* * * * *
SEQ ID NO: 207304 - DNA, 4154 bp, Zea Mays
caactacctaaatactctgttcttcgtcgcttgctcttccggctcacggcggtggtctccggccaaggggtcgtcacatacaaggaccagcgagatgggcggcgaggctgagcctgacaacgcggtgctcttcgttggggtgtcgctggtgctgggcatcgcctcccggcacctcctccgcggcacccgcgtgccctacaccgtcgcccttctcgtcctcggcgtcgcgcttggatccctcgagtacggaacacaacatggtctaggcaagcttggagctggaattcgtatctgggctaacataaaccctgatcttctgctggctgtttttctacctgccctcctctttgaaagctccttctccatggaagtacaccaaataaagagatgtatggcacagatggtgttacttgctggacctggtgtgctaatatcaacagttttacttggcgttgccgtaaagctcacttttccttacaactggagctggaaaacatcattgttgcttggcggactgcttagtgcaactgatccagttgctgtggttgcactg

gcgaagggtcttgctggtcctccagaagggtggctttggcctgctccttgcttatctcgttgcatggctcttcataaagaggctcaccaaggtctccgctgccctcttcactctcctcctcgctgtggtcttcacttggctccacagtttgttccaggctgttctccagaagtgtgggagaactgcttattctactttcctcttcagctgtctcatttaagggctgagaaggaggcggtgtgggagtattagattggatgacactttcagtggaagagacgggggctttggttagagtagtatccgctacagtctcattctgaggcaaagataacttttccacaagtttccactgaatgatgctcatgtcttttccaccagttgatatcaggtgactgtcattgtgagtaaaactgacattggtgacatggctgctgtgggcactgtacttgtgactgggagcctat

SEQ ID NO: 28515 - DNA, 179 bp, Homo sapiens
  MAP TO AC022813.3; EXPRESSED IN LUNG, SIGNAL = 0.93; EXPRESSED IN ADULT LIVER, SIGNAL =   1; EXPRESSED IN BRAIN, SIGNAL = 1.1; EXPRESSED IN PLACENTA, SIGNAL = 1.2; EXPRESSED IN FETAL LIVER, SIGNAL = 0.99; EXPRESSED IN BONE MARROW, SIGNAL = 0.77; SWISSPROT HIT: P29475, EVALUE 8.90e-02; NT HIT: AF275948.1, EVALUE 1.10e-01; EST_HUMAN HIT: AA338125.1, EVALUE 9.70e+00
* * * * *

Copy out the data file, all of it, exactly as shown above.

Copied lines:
SEQ ID NO: 207304 - DNA, 4154 bp, Zea Mays
caactacctaaatactctgttcttcgtcgcttgctcttccggctcacggcggtggtctccggccaaggggtcgtcacatacaaggaccagcgagatgggcggcgaggctgagcctgacaacgcggtgctcttcgttggggtgtcgctggtgctgggcatcgcctcccggcacctcctccgcggcacccgcgtgccctacaccgtcgcccttctcgtcctcggcgtcgcgcttggatccctcgagtacggaacacaacatggtctaggcaagcttggagctggaattcgtatctgggctaacataaaccctgatcttctgctggctgtttttctacctgccctcctctttgaaagctccttctccatggaagtacaccaaataaagagatgtatggcacagatggtgttacttgctggacctggtgtgctaatatcaacagttttacttggcgttgccgtaaagctcacttttccttacaactggagctggaaaacatcattgttgcttggcggactgcttagtgcaactgatccagttgctgtggttgcactg

gcgaagggtcttgctggtcctccagaagggtggctttggcctgctccttgcttatctcgttgcatggctcttcataaagaggctcaccaaggtctccgctgccctcttcactctcctcctcgctgtggtcttcacttggctccacagtttgttccaggctgttctccagaagtgtgggagaactgcttattctactttcctcttcagctgtctcatttaagggctgagaaggaggcggtgtgggagtattagattggatgacactttcagtggaagagacgggggctttggttagagtagtatccgctacagtctcattctgaggcaaagataacttttccacaagtttccactgaatgatgctcatgtcttttccaccagttgatatcaggtgactgtcattgtgagtaaaactgacattggtgacatggctgctgtgggcactgtacttgtgactgggagcctat

SEQ ID NO: 28515 - DNA, 179 bp, Homo sapiens
  MAP TO AC022813.3; EXPRESSED IN LUNG, SIGNAL = 0.93; EXPRESSED IN ADULT LIVER, SIGNAL =   1; EXPRESSED IN BRAIN, SIGNAL = 1.1; EXPRESSED IN PLACENTA, SIGNAL = 1.2; EXPRESSED IN FETAL LIVER, SIGNAL = 0.99; EXPRESSED IN BONE MARROW, SIGNAL = 0.77; SWISSPROT HIT: P29475, EVALUE 8.90e-02; NT HIT: AF275948.1, EVALUE 1.10e-01; EST_HUMAN HIT: AA338125.1, EVALUE 9.70e+00